Panem et Circenses

‘Sometimes, at night, I can hear my body screaming at me.’

Pip forces a smile at the mirror and paints bright red circles on her raised cheeks, elbows on the vanity. She’s moving her brush with surgical precision, and each circle comes out perfectly round.

I tilt my head to the side and she turns in her swivel chair to look at me. The colors and shapes on her face are hypnotizing, demanding attention, but her expression is blank. ‘What?’ she says, like communicating with one’s limbs is common practice. ‘Don’t look at me like that. Like I’m crazy. I’m not crazy. I just-’

‘Maria!’ a voice calls from outside the room, followed by an incessant banging on the dressing room door. ‘You’re on in five.’ Pip stops talking, and we both watch as Maria rushes into the room through the back door.

‘You aren’t gonna be late, Maria,’ Pip yells after her.

You always are. And stop calling me that, Phillipa.’

In a flurry of dark curls and bare feet, Maria leaves for the stage.

‘Finally,’ Pip mumbles. Another layer of greasepaint on her cheek. ‘About the screaming thing. I promise it’s not weird. I mean, it’s weird, but not like that. I’m not crazy or anything.’ Our eyes meet in the mirror in front of her and she huffs. ‘Are you sure ya don’t get it? It’s never happened to ya before?’

I shake my head.

‘I’m sure she will, Elbow,’ she says abruptly, laughing at herself. After about ten seconds of hysterical giggling she realizes I don’t get the joke, and her laughter ends as suddenly as it had started. ‘Oh. Too early. Forget I said that.’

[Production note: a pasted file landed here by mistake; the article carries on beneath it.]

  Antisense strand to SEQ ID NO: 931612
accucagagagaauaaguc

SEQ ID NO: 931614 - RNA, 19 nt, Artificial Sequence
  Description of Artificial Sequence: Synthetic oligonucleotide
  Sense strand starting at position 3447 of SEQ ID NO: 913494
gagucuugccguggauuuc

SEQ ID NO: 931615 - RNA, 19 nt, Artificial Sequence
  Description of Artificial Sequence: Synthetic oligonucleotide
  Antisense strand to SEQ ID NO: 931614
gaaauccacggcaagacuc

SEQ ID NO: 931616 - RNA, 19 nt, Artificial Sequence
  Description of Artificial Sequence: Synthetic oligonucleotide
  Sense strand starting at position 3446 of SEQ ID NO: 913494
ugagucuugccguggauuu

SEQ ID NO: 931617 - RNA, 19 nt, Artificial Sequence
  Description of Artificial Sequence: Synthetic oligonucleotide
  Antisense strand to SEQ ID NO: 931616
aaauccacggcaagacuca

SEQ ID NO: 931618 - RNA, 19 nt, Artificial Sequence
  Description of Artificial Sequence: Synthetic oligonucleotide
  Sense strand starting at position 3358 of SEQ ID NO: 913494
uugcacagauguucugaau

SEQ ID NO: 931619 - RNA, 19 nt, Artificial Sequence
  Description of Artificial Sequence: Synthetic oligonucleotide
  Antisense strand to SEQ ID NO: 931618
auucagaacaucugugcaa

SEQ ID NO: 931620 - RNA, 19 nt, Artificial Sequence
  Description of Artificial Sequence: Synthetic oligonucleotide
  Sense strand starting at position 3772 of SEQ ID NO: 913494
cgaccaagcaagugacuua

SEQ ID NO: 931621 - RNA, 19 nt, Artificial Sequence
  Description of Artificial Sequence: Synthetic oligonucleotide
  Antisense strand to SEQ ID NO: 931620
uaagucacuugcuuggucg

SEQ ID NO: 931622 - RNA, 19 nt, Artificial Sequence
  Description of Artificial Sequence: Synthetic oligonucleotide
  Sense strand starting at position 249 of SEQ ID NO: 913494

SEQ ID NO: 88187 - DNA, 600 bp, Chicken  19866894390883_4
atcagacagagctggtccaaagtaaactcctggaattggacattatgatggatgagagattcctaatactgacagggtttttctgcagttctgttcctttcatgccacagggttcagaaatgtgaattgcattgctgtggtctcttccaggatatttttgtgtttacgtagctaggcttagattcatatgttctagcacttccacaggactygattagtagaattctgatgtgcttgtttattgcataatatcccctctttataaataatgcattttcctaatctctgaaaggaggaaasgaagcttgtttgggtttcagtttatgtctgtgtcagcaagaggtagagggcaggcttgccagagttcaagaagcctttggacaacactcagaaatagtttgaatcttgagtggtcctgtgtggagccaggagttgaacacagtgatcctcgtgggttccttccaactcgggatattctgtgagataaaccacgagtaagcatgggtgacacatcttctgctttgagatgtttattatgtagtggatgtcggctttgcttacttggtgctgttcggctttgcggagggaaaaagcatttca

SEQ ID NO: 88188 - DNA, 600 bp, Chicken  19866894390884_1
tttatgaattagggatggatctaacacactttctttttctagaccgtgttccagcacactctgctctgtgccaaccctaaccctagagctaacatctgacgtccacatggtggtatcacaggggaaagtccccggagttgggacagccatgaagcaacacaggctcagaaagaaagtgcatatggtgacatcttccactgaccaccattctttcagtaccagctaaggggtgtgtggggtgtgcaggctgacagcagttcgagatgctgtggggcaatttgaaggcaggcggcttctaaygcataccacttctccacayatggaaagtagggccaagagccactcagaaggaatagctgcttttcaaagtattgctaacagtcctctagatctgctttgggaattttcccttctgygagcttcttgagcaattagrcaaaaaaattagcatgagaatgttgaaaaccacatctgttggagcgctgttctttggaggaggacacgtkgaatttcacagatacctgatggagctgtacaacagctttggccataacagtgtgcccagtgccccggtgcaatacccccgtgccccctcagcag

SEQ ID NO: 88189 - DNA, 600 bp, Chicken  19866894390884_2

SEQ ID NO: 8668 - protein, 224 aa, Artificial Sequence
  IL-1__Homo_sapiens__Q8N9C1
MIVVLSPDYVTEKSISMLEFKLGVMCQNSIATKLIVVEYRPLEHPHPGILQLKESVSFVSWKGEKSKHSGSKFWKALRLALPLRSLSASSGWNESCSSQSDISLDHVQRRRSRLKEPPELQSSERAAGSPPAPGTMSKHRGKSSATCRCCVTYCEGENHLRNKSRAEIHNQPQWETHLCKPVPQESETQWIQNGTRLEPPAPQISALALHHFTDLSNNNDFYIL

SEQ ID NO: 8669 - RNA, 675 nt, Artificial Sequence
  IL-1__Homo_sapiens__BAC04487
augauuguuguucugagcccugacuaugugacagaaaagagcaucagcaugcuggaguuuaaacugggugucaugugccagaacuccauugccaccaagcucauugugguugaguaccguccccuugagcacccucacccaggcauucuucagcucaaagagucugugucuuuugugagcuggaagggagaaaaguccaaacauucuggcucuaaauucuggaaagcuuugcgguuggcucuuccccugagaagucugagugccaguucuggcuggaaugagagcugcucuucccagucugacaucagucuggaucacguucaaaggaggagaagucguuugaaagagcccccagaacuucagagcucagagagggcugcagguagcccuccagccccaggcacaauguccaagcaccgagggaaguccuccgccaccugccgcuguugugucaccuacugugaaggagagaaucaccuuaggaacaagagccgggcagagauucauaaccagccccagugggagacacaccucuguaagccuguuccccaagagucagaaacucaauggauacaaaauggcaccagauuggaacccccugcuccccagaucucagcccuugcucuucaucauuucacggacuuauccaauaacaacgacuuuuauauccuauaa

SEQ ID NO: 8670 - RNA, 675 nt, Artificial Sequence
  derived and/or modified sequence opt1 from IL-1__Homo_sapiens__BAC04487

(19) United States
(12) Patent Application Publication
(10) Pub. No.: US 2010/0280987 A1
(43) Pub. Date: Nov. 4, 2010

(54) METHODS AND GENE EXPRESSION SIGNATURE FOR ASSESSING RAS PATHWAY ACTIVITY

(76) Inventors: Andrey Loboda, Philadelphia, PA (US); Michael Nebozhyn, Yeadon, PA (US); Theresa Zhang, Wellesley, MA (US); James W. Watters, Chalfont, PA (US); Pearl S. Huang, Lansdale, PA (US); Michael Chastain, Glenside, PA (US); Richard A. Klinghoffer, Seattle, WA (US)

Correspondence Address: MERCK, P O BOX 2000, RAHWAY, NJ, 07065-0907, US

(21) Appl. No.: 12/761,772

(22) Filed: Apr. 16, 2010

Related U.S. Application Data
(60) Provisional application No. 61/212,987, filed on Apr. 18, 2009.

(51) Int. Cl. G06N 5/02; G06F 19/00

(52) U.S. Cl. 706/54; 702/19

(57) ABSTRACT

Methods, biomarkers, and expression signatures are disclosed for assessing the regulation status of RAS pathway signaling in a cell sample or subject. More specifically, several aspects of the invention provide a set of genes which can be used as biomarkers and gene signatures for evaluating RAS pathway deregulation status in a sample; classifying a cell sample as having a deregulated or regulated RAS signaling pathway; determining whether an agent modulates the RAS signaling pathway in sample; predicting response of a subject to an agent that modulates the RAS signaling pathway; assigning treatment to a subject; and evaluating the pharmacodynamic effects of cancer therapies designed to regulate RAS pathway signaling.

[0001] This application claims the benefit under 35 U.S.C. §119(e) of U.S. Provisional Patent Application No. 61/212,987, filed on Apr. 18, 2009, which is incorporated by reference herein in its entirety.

She puts her brush down and rolls toward me in her chair. Now she’s right in front of me - painted white face only inches away from mine. She smells like pretzels.

‘You do sleep, right? I know that’s a weird thing to ask a person, but I feel like ya might not. I don’t even know if you blink. No offense. Do you blink, kid?’ When I nod, she goes on. ‘So imagine it’s maybe three in the morning, only ya don’t know for sure because you’re too lazy to turn over and look at the clock. And you’re sorta happy to be awake, because now you get to fall asleep all over again, but it’s weird because ya don’t know why you’re awake.’ She quickly glances at the clock on the wall behind me, swearing when she realizes she’s running out of time. ‘Give me a second,’ she says. ‘And don’t move. You’ll mess it up.’

Pip lifts herself out of her chair and walks over to the wall. ‘This should be one of the sticky ones,’ she says to herself. She presses her right foot, clad in a polka-dotted clown shoe (the left one is bare), against the wall and pulls at the clock. When it finally gives, she cradles the metal in her arms and smiles sadly at the face. ‘Sorry.’ Turning it over, she pushes the release latch and twists the setting dial until the hands are where they were twenty minutes ago, before Maria had run through the room. Blank-faced, Pip presses the clock back onto the wall and sits back down in front of me.